Digital literacies4138 oct13Presentation Transcript
Digital Literacies C&T 4138 Fall 2010 multimodality Digital storytelling 21 st -century literacies Ting Yuan
Why digital literacies? What are the possible relationships between digital literacies and the school literacy curriculum?
Perhaps the greatest demand, however, is to imagine a curriculum that helps children to draw on their knowledge of different ways to represent and communicate ideas and that acknowledges and builds teachers’ professional expertise—a curriculum for the twenty-first century. (Bearne, 2005, p. 26)
Digital Storytelling An example
Blogging More examples : Students in Ms. H , Ms. B , and Ms. M’s grade five classrooms at International School Bangkok (Thailand) connect with students in 4 other schools around the world using blogs and podcasts to share their reading and writing strategies as they learn to become better readers and writers with the TCRWP approaches.
“ Supporting developing writers is partly about encouraging them to find a voice , to explore the power and practical significance of writing.” (Merchant, 2005, p.81)
“ For the children producing, designing and re-designing episodes and segments included in their podcast created a space to get at the notion that texts are socially constructed and that literacy is most definitely not a neutral technology. ” (Vasquez, 2011)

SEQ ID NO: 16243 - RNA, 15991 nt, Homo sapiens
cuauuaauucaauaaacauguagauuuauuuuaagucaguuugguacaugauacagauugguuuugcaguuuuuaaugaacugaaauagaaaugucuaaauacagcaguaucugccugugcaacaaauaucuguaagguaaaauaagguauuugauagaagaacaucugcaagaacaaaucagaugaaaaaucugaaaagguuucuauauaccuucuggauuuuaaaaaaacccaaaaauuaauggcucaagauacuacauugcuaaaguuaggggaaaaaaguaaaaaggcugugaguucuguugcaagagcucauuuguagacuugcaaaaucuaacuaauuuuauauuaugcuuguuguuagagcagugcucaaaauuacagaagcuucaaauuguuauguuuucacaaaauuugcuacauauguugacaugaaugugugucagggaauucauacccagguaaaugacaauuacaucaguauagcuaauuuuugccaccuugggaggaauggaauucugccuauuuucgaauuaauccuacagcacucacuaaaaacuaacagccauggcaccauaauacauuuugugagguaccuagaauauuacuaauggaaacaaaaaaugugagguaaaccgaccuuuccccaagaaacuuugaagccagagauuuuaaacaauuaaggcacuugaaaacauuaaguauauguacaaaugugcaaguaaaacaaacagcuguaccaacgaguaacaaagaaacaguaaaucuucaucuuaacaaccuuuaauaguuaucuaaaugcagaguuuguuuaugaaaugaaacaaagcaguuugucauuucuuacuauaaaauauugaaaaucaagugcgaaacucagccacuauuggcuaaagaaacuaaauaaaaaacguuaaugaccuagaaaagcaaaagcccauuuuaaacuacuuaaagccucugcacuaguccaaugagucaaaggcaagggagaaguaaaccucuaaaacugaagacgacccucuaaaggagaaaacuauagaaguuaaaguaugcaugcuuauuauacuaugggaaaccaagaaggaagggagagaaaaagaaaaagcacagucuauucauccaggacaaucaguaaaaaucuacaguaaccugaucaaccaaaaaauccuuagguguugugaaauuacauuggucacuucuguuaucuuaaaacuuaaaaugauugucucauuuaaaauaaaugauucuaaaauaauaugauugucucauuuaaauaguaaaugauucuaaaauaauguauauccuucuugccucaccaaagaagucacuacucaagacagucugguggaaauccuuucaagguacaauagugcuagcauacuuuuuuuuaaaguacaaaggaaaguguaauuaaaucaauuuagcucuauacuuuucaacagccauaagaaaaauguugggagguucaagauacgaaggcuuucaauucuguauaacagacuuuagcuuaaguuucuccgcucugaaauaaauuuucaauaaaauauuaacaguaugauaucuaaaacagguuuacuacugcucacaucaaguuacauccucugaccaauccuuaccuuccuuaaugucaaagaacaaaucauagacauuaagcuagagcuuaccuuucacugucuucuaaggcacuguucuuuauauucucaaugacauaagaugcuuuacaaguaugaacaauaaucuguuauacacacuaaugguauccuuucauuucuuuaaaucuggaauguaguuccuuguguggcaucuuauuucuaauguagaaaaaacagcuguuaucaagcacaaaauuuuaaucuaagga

Podcasting How to make classroom podcasting
Blog - Vlog - Glog ? One more example about personal digital portrait
“ Using new technology can help young writers to develop their identity-in-writing as well as their identity-as-writers.” (Merchant, 2005, p.81)
Comic Life E-book Converting Tool: ISSUU
Professor Garfield An online tool for creating comic strips
Toondo An online comic book tool
Storybird A collaborative e-book tool for young children
Scratch A programming tool for children to create stories, games, music and art works
“ New” literacies are categorized as new “ technical stuff ” and new “ ethos stuff ” by Lankshear and Knobel (2007). The former focuses on the functional use of new technologies, while the latter brings students immersive learning experiences which are “more ‘participatory’, ‘collaborative’, and ‘distributed’ in nature than conventional literacies.” (p. 9)
A participatory culture —"a social ethos based on knowledgesharing” (Jenkins et al, 2006, p. 50) brought by the web 2.0 era is replacing the web 1.0 culture, the culture about passive content consumption.
“ ... a culture with relatively low barriers to artistic expression and civic engagement , strong support for creating and sharing one's creations , and some type of informal mentorship whereby what is known by the most experienced is passed along to novices. A participatory culture is also one in which members believe their contributions matter, and feel some degree of social connection with one another (at the least they care what other people think about what they have created).” (Jenkins et al, 2006, p. 3)
Manyvoices as an Example @manyvoices was an ongoing collaborative story started by Mr. Mayo's 8th grade students in Maryland. The collaborative story was written by over 100 elementary and middle school students in six different countries using Twitter.com .
“ Digital media and the new forms of communication provide rich possibilities for redefining interaction and establishing kinds of participation and production that reach out beyond spaces… ” (Merchant, 2005, p. 80)